Former Rep. Tom Davis, Virginia Republican, said Mr. Gillespie is facing a different political landscape than he was three years ago because there is now a Republican in the White House and there appears to be more voter enthusiasm in the Democratic ranks.

“Gillespie’s biggest problem is the national environment,” Mr. Davis said. “His greatest plus is he has run statewide before. He is an experienced campaigner and knows how to campaign.”

But it is the Democrat Mr. Northam who holds the fundraising edge.

His campaign raised more than $7.2 million from July 1 to Aug. 31, and had $5.62 million cash on hand. Mr. Gillespie pulled in $3.7 million over that same period of time, and had $2.6 million in his war chest, according to the Virginia Public Access Project.

The race between Mr. Northam and Mr. Gillespie is the high-profile race of the 2017 election cycle. A less competitive gubernatorial race is playing out in New Jersey, where Democrat Patrick Murphy leads Republican Kim Guadagno by a double-digit margin in the polls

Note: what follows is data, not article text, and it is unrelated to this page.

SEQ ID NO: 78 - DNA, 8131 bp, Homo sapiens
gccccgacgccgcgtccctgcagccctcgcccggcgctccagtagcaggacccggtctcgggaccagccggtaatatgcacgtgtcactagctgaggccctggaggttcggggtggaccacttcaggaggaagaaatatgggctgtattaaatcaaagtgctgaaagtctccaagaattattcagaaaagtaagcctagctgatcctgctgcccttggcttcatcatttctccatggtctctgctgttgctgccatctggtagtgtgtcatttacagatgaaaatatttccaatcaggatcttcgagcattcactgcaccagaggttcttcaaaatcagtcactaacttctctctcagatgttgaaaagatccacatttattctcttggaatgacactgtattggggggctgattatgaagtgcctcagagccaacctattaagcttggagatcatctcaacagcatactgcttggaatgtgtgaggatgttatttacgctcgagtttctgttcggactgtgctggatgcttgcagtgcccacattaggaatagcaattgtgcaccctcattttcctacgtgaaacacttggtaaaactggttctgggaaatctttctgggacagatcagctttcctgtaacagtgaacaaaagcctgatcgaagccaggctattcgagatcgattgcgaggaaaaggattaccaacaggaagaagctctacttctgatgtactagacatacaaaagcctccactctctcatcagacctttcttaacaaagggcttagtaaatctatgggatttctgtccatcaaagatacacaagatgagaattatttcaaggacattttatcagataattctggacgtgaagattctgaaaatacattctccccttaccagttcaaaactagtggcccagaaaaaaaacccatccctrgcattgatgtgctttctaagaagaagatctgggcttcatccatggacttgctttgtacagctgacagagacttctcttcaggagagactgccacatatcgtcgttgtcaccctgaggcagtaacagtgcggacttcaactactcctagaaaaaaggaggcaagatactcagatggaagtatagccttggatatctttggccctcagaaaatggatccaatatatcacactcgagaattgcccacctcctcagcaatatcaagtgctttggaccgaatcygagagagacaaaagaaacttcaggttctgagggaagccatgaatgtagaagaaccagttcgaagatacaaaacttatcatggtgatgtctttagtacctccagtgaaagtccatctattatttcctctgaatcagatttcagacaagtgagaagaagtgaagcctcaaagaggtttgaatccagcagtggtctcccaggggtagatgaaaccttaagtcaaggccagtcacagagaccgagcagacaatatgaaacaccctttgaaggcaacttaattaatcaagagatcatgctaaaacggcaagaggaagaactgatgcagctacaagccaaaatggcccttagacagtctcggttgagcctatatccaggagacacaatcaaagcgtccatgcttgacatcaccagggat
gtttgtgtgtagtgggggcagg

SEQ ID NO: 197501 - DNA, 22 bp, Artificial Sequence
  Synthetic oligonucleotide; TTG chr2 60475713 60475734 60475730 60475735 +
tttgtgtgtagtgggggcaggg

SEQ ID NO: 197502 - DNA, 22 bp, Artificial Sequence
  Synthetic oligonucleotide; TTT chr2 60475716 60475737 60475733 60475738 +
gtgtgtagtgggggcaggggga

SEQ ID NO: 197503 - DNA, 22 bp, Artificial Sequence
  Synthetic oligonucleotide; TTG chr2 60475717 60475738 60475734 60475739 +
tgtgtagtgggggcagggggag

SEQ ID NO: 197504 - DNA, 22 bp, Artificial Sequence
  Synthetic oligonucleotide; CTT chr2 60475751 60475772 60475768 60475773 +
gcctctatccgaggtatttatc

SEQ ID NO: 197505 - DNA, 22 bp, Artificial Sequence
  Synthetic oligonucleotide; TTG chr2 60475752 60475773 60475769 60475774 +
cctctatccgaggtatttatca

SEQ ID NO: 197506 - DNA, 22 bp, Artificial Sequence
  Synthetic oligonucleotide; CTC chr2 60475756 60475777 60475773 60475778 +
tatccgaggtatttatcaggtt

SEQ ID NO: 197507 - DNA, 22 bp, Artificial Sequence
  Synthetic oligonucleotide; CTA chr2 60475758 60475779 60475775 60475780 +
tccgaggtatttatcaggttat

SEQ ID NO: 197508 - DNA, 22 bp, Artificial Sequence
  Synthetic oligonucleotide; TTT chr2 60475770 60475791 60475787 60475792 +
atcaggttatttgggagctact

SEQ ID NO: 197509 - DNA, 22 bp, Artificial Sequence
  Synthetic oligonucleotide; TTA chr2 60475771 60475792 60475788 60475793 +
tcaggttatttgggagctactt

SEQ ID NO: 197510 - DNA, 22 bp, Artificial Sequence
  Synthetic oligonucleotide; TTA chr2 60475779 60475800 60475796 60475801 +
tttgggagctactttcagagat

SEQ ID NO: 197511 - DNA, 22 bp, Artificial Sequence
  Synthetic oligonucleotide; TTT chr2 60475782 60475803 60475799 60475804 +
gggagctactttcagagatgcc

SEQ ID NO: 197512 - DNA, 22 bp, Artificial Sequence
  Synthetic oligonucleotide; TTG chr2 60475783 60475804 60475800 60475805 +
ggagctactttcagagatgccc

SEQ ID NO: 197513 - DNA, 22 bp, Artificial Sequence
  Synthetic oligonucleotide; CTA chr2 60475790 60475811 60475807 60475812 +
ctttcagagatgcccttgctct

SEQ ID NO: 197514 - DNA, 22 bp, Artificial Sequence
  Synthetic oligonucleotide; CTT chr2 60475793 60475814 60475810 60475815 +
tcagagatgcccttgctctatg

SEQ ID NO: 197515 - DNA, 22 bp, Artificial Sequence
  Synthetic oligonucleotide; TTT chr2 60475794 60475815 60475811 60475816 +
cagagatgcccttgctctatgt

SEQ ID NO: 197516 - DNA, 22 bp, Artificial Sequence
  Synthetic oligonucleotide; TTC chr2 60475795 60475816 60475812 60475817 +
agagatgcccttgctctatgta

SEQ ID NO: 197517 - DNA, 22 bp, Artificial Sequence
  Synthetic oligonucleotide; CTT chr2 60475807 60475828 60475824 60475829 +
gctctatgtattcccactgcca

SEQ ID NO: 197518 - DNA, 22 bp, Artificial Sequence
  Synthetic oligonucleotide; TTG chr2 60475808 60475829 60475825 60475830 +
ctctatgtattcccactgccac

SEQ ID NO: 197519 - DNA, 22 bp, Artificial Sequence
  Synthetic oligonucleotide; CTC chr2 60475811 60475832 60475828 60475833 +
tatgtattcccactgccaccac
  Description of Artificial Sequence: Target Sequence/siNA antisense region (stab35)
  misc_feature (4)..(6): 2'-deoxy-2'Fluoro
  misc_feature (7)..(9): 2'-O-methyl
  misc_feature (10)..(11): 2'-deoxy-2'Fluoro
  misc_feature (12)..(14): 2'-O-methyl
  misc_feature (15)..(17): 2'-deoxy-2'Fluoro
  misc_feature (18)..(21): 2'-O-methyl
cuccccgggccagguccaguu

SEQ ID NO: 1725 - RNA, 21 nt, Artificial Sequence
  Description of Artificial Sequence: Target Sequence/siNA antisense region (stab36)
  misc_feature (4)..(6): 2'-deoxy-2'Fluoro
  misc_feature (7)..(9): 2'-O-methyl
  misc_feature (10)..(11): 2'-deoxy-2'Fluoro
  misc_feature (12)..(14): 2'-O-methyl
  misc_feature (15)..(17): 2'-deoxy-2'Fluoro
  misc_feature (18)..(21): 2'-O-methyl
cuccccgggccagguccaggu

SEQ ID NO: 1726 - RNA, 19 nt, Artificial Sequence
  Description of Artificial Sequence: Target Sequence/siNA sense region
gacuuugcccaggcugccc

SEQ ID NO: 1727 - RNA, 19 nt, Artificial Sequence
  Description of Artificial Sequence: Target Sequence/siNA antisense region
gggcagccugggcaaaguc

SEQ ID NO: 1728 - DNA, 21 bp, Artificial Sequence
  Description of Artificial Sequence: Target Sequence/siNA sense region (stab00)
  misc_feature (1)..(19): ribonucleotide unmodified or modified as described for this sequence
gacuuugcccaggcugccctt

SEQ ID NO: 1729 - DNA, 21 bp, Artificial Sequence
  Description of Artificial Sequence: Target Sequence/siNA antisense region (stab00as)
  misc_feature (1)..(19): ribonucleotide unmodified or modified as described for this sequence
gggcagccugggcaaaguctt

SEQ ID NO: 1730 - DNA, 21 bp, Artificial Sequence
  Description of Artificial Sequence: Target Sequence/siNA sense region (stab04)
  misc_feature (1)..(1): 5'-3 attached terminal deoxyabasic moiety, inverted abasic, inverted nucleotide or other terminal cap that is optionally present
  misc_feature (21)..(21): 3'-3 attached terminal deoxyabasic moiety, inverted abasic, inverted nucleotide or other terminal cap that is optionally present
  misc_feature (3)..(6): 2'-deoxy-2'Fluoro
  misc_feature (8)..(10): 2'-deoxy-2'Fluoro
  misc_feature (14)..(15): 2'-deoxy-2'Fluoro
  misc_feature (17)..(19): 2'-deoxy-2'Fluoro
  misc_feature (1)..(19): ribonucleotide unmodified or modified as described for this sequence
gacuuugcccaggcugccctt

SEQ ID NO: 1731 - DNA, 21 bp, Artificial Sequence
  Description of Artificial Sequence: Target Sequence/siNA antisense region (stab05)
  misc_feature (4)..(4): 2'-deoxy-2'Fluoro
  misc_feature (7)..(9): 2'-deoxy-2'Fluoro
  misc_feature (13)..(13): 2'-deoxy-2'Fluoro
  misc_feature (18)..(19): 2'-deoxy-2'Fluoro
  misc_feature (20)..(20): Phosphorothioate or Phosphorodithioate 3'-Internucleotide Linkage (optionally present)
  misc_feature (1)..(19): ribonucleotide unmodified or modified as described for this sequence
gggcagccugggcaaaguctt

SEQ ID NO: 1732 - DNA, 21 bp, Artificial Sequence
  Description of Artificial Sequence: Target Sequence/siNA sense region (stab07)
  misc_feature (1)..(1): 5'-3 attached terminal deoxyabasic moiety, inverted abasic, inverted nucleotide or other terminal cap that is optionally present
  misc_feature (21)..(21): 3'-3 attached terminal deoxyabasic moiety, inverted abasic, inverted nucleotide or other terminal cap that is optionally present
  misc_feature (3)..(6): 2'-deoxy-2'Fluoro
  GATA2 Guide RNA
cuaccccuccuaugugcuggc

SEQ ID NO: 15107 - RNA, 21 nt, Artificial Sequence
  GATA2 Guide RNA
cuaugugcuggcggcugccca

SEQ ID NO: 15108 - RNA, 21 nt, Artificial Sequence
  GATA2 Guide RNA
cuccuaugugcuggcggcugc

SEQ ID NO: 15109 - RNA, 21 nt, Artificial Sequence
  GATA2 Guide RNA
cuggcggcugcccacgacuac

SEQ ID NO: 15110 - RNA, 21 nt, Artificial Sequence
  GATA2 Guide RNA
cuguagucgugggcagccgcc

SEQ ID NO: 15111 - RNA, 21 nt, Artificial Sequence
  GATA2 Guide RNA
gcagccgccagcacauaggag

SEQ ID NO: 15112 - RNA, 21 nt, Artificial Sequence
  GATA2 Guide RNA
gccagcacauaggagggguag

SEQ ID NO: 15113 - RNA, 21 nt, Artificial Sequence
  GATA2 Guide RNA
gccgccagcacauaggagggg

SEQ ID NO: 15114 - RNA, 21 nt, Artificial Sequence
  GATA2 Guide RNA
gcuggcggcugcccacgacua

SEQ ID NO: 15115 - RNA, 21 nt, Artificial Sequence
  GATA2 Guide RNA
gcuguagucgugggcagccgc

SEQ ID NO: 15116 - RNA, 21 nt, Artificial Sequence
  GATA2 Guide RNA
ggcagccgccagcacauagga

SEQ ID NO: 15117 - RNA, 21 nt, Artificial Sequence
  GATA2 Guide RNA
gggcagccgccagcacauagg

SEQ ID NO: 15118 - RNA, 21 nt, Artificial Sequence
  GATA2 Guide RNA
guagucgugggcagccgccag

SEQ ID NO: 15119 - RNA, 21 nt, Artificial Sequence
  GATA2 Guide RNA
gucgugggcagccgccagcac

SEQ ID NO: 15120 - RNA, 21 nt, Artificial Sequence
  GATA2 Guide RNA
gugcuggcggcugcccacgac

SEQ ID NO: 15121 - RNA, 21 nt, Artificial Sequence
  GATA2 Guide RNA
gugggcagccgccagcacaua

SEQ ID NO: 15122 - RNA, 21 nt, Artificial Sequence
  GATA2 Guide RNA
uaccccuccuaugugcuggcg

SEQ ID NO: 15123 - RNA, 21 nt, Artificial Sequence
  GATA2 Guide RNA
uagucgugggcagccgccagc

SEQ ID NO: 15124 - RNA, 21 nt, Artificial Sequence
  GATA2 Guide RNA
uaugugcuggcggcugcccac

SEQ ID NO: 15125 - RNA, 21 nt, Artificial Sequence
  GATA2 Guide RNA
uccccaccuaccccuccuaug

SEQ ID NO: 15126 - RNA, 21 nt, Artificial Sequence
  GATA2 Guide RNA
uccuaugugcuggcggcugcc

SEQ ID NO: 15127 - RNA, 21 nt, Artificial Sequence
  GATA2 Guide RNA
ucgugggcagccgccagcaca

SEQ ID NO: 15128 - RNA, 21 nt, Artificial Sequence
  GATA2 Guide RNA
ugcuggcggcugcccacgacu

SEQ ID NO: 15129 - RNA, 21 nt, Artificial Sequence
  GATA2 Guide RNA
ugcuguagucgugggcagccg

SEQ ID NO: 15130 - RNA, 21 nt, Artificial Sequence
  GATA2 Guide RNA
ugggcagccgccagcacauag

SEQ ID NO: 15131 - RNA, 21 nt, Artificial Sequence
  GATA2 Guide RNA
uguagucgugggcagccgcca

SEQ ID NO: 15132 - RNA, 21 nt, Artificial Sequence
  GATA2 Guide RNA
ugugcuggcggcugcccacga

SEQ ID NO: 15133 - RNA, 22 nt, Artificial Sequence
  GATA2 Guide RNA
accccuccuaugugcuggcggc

The Nov. 7 election in Virginia also features races for attorney general between incumbent Democrat Mark Herring and Republican John Adams, and for lieutenant governor between Republican Jill Holtzman Vogel and Democrat Justin Fairfax.

Control of the Virginia House of Delegates will also be on the line.

• Seth McLaughlin can be reached at smclaughlin@washingtontimes.com.